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Speeches & Transcripts September 14, 2021

Leveraging Green Opportunities of the Post-Pandemic Recovery in Europe (Business Leaders Summit, Cyprus)

World Bank Group


Good morning, good afternoon, good evening. I would like to thank the Bank of Cyprus and the organizers of the 5th Business Leaders Summit for inviting me and I am happy that this important and prestigious event can take place under continued trying circumstances in 2021.

I am delighted to speak on the important topic of Environment, Social and Governance - ESG - and how to leverage green opportunities of the post-pandemic recovery in Europe.

The COVID-19 crisis continues to cause loss of life worldwide, with more than 4.5 million deaths to date, and with infections rising at an alarming rate in many countries. Since the pandemic began, 34 percent of all Covid-19 infection cases globally have been in the Europe and Central Asia region. In fact, 10 of the 12 countries with the highest case count worldwide are in our region.

The pandemic has not been the only shock to countries in Europe and Central Asia. The region has also been hit recently by natural disasters with lasting impact. Southern Europe, Albania, Croatia, Turkey and Greece have all experienced major earthquakes in the past two years and the recent wildfires present a very clear danger to citizens across the region.

In addition to the health crisis, the pandemic has triggered a worldwide economic crisis. We are all pleased to see global economic activity picking up this year after large contraction across the world in 2020, but growth is likely to be uneven across the world and still subjected to significant downside risks.

The World Bank estimates that economic activity contracted by 2 percent in the Europe and Central Asia region in 2020. Economies with strong trade or financial linkages to the euro area, and those heavily dependent on services and tourism, were the hardest hit. We estimate that last year’s economic contraction could push an additional 6 million people into poverty, based on the $5.50 a day poverty line - commonly used in upper-middle-income countries.

We are also seeing signs that children and women are being disproportionately affected by the crisis. Across the region, the overall learning loss resulting from the COVID-19 pandemic is estimated to be as much as 30 PISA points – the equivalent of losing a whole year of schooling. A likely outcome for many young people is reduced access to higher education, lower labor market participation and consequently lower future earnings.

A World Bank survey on COVID-19 has revealed that 76 percent of women were mostly or solely responsible for household chores and home schooling during the pandemic. Women with less education were disproportionately hit by the unequal division of chores within families. And, a larger proportion of women work in sectors that were forced to close.

Billions of dollars have been spent on recovery programs to protect the global economy. At the World Bank, our COVID-19 emergency response has been fast and decisive in delivering support to developing countries, with a focus on helping the poorest and most vulnerable.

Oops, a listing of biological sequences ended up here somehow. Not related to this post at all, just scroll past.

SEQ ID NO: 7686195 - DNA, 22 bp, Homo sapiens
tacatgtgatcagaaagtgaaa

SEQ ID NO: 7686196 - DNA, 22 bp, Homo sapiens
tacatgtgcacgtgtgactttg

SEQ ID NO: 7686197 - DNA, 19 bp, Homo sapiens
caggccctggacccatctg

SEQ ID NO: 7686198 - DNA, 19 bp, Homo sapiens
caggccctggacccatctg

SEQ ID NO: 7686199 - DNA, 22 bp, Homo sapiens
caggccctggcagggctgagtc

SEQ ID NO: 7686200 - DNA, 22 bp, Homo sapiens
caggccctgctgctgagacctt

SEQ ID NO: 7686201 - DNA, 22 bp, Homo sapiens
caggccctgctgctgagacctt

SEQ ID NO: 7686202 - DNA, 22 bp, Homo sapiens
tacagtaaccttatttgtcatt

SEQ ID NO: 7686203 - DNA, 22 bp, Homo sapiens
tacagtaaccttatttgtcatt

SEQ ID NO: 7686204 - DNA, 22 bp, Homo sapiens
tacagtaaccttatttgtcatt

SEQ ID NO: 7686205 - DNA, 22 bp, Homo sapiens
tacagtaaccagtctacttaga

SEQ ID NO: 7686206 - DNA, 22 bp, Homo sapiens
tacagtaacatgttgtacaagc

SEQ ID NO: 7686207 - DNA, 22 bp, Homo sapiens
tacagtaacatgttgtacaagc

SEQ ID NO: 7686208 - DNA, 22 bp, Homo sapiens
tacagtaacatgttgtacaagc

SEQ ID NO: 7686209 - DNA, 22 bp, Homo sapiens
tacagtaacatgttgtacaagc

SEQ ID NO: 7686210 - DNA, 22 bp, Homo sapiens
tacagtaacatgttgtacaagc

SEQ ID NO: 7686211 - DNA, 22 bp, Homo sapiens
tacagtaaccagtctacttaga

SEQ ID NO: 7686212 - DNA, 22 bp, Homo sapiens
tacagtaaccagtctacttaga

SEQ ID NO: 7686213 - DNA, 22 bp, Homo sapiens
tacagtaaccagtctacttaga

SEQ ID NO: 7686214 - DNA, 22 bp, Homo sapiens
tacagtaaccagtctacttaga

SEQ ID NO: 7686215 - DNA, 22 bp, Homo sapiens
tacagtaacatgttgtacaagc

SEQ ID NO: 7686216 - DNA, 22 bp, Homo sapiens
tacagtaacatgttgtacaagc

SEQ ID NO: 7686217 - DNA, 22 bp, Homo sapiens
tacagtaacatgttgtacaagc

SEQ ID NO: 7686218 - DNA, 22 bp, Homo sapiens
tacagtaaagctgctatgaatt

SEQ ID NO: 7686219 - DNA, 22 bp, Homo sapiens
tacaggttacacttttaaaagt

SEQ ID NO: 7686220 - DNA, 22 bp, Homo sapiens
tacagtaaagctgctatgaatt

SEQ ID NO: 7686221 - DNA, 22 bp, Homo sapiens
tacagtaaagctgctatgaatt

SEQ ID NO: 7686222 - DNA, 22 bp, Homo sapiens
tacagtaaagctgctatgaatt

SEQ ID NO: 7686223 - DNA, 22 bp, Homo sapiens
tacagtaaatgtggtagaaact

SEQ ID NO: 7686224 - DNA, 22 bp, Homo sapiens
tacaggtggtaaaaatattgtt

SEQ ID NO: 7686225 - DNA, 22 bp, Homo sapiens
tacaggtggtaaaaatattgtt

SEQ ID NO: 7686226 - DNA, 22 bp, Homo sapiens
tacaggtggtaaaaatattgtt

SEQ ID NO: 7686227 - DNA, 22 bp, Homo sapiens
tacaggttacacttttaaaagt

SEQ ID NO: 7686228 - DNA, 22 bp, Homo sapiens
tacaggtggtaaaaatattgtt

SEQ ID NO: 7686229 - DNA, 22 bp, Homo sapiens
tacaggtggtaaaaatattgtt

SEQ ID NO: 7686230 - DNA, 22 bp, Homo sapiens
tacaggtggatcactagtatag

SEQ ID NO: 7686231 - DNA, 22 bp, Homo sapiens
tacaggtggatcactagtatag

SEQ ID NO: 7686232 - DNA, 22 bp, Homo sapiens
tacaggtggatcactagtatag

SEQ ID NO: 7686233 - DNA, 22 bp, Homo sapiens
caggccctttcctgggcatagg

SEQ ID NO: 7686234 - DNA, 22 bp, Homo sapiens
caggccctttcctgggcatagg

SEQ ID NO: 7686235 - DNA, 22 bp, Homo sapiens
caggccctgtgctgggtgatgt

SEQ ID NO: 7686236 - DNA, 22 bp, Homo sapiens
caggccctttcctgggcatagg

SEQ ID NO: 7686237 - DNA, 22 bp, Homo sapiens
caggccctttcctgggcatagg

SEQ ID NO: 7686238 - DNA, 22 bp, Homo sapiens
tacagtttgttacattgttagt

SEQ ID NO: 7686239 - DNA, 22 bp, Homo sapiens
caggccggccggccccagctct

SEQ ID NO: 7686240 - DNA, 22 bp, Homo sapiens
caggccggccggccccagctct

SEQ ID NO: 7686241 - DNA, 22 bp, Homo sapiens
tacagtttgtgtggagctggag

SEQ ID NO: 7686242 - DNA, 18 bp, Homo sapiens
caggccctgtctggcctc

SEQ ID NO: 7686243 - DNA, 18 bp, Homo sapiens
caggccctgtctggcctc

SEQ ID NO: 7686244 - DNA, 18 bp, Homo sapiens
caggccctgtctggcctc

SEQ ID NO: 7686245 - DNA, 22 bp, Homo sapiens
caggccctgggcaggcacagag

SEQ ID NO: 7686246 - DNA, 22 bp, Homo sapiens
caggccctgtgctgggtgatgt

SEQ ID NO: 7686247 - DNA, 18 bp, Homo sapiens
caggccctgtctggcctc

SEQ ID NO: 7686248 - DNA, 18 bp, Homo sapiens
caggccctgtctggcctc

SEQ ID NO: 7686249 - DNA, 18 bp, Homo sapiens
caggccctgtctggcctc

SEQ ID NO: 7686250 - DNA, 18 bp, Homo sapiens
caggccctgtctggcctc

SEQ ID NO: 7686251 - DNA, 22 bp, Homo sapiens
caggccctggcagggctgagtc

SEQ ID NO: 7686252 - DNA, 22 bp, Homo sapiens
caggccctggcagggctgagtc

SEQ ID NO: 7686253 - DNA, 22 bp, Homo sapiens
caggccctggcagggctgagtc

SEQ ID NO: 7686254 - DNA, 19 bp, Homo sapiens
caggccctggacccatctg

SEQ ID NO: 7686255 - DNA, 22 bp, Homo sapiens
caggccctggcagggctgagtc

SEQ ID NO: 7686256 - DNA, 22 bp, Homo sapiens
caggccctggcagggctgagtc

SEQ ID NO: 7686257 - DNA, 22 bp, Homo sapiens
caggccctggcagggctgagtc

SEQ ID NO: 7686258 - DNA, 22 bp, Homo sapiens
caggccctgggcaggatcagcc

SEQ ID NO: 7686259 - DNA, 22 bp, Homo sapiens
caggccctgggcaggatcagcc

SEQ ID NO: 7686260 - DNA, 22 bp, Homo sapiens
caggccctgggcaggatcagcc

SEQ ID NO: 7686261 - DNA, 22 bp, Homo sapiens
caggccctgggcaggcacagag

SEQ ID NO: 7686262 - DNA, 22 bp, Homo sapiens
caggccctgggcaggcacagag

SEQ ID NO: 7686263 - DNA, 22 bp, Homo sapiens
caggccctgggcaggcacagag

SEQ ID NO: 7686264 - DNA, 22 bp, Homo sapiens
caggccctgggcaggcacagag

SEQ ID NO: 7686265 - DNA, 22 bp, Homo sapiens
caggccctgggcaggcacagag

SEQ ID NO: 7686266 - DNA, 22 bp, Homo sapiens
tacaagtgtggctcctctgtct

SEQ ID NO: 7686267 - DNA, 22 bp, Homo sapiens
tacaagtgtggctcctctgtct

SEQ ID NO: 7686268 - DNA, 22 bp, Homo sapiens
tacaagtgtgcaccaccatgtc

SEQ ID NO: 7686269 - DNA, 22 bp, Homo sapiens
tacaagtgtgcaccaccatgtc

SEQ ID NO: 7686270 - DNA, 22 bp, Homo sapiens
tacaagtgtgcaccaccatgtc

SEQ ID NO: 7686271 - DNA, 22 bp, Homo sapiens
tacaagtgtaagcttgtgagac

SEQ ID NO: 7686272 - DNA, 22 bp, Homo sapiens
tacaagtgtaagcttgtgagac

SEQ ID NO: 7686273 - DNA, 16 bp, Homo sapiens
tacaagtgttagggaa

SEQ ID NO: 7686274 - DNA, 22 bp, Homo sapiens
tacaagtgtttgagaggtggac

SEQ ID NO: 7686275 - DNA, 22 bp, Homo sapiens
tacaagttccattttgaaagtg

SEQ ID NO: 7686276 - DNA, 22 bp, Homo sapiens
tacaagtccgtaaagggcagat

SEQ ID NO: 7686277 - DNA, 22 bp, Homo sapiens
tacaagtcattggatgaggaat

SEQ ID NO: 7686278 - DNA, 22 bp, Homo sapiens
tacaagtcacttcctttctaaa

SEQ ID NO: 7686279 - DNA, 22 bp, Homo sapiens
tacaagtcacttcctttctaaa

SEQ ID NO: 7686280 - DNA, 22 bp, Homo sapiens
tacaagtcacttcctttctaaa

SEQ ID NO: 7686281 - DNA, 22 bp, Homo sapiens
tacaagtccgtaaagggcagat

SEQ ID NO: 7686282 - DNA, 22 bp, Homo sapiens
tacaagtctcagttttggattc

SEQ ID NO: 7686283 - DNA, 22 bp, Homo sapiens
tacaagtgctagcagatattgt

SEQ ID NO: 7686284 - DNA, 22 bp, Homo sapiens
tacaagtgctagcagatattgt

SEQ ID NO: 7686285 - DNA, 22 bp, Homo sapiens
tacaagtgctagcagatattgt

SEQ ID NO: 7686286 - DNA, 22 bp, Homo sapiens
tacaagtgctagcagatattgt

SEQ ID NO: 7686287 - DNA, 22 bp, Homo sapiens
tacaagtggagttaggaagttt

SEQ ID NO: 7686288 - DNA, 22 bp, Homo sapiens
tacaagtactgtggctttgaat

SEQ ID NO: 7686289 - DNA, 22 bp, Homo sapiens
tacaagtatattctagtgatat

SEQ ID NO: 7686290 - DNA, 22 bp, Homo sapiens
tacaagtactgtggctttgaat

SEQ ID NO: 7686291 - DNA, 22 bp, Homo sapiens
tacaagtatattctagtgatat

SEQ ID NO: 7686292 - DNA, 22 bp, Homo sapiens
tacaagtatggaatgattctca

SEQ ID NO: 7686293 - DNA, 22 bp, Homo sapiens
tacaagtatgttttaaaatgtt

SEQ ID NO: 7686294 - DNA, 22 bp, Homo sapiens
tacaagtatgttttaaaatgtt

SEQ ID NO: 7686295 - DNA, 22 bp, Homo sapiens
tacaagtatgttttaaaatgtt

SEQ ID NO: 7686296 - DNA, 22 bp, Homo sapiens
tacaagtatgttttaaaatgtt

World Bank programs, in normal times around $42 billion per year, grew last calendar year to over $70 billion to meet intensified demand. Over 60 percent of our new operations are directly in response to the COVID crisis.

But our work is far from finished. Our ongoing support to clients must focus on the pressing challenges of our time and central to this are green, resilient, and inclusive transformations that will help economies capitalize on future opportunities, while protecting against future potential shocks.

Home to 10 of the world’s 20 most carbon-intensive economies, the Europe and Central Asia region has entrenched climate and environmental challenges. Natural resources – air, water, and forests – are being depleted at unsustainable rates. 1 in 8 deaths in Europe are attributable to air pollution; in the Western Balkans it is 1 in 4 deaths.

As countries strive for a post-pandemic recovery, we have an opportunity to build back our socio-economic fabric in a way that ensures sustainable growth for generations to come. And at the heart of this opportunity is a Green Transition.  

Between 1990 and 2020, greenhouse gas emissions in the EU fell by roughly 23 percent, even as the economy grew by approximately 61 percent. EU countries effectively succeeded at decoupling growth and emissions. Today, Europe continues to be at the forefront of the green transition and has demonstrated that it is possible to simultaneously decarbonise and maintain economic growth. Through the European Green Deal, the EU has made bold policy and financial commitments to decarbonization, climate resilience, natural capital, and social inclusion.

Many countries in the region are using recovery programs to initiate and accelerate programs to promote energy efficient housing and sustainable transport, which can deliver jobs in the short-term, and support inclusion while addressing two of the biggest sources of carbon emissions.